1. Mp3’s are small files because they have been heavily compressed. One of the consequences of this is compression is the loss of audio depth. Effects like reverb and compression become exaggerated and “pushed forward”. I have noticed that reverb that sounds great on a cd becomes overbearing on an mp3. I have two approaches to solving this problem.

a. Reduce the amount of reverb in the mix by either adjusting the wet/dry mix or the amount of reverb being sent from the reverb aux.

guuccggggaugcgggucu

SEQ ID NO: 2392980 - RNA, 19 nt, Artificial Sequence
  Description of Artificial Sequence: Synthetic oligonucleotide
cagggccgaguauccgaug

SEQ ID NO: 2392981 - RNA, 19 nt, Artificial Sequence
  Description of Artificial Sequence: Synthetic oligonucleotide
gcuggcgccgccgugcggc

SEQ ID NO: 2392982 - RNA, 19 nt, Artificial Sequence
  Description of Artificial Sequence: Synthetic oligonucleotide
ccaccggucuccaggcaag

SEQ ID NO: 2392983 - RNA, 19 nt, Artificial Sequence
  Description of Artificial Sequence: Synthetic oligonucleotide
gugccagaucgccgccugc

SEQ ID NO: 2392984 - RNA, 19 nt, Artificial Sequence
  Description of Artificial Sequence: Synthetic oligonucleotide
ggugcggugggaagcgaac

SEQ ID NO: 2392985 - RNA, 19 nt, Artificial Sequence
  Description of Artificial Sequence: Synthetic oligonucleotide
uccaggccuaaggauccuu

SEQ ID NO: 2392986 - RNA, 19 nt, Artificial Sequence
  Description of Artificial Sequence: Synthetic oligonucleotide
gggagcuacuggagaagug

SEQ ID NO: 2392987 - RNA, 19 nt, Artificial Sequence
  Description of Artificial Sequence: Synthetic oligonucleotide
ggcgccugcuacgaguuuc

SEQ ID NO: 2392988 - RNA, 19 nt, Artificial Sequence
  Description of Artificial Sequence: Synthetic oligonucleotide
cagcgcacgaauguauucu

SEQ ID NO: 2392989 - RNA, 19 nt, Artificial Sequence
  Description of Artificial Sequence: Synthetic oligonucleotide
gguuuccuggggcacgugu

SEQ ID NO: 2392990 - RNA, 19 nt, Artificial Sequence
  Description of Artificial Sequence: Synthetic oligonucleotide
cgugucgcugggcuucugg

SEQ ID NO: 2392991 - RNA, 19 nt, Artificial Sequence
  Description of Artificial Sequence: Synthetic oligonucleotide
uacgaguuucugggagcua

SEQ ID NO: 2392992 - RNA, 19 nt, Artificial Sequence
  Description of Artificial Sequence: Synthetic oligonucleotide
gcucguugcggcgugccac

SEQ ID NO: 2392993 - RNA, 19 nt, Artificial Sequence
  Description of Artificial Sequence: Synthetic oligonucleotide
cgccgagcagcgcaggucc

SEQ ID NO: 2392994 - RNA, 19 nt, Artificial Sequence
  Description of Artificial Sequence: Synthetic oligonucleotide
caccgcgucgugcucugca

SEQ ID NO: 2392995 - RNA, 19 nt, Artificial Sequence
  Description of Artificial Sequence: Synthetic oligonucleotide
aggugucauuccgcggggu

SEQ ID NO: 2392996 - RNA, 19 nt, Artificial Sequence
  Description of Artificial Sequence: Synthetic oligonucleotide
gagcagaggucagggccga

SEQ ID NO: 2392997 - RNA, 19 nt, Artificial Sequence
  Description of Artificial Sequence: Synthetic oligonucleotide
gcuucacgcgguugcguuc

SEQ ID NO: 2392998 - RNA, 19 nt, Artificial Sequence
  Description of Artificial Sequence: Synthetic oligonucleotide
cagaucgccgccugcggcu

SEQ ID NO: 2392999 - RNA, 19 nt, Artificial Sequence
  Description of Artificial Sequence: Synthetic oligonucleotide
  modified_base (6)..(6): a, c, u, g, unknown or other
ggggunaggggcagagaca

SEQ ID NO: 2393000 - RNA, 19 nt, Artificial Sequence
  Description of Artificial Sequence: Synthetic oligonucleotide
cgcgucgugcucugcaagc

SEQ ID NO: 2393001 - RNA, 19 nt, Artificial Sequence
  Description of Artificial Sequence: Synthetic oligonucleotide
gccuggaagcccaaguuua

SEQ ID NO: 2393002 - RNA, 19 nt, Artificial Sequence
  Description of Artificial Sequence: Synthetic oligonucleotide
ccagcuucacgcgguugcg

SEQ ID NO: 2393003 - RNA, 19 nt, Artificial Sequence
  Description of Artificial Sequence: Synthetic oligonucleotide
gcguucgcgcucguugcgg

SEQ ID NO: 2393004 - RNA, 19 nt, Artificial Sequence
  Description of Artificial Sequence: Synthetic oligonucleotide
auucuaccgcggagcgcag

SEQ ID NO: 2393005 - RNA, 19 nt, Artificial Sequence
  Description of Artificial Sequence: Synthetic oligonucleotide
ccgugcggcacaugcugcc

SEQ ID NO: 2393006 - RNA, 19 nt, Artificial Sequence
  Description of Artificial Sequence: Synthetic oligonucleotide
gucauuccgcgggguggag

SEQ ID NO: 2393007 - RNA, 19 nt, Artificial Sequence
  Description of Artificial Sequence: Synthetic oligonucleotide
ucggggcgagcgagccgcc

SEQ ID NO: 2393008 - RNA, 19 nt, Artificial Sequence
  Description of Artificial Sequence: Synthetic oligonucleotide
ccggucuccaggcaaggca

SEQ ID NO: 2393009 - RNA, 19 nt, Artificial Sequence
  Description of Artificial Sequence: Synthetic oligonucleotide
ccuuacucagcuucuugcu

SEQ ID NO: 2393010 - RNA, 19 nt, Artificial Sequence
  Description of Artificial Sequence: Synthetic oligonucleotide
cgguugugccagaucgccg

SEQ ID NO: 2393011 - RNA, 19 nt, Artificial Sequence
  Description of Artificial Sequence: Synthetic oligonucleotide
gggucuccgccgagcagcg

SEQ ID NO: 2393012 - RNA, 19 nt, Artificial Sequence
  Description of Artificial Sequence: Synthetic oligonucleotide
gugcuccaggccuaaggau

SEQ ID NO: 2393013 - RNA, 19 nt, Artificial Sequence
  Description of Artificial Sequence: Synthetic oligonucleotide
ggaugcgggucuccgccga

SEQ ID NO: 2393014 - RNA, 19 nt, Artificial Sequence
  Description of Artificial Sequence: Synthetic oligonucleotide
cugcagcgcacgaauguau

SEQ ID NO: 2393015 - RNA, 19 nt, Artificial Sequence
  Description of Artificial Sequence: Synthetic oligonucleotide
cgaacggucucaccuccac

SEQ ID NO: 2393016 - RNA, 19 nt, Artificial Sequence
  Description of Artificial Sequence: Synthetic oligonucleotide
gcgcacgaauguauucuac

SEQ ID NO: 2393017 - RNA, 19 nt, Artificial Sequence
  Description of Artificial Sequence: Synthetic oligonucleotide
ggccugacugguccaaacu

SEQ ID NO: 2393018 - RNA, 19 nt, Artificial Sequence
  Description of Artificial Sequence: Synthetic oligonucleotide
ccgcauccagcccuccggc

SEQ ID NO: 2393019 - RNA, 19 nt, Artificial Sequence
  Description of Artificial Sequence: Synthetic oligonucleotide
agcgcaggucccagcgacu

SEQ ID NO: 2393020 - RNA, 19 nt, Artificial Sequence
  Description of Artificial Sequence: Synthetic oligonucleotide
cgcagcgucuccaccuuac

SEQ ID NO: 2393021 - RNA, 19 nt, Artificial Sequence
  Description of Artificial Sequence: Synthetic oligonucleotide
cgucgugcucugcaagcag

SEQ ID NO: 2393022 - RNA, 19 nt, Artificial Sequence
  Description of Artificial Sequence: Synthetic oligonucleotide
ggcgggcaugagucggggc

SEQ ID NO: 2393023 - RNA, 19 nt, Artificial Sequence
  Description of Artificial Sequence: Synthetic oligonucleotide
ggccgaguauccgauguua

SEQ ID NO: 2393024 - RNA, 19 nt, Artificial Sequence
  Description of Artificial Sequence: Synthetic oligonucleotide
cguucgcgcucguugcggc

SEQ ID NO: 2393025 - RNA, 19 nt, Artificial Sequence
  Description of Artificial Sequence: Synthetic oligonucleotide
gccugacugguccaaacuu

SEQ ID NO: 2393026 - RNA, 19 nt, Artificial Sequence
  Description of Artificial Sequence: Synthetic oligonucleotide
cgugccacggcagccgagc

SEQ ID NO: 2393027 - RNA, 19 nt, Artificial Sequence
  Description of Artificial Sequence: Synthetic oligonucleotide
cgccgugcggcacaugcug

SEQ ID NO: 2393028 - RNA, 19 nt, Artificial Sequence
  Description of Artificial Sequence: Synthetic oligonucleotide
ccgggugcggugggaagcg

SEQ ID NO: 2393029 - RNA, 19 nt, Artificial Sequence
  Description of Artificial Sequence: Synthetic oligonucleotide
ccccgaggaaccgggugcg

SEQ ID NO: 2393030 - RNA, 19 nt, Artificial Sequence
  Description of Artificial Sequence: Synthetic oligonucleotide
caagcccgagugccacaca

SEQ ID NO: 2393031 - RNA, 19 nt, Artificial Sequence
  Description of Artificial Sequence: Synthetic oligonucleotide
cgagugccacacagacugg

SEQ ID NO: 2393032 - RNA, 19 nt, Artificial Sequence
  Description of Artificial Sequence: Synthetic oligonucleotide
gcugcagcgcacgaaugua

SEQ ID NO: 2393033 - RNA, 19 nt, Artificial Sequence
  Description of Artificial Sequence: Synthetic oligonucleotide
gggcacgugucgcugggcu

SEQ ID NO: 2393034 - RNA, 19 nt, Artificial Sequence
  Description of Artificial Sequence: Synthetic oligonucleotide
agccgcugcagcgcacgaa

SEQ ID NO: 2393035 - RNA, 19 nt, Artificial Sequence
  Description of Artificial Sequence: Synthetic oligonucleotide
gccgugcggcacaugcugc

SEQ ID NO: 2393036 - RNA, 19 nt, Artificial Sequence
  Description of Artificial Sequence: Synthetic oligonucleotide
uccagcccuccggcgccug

b. Increase the pre-delay to create separation between the dry sound and the effect.

2. Frequency buildup can result in a mix that sounds cluttered, closed, or dirty. Frequency buildup is usually caused by boosting a particular frequency across several instruments/vocals. In addition to buildup caused by emphasized frequencies among instruments, frequencies in effects can also contribute to buildup. For example, an excessively bright reverb can result in a more sibilant vocal. To remedy this, be mindful of the equalization and tonality of the effects and compare them to the dry sound. Listen to the interaction between the two and adjust the tonality of the effect to compliment the tonality of the original sound.


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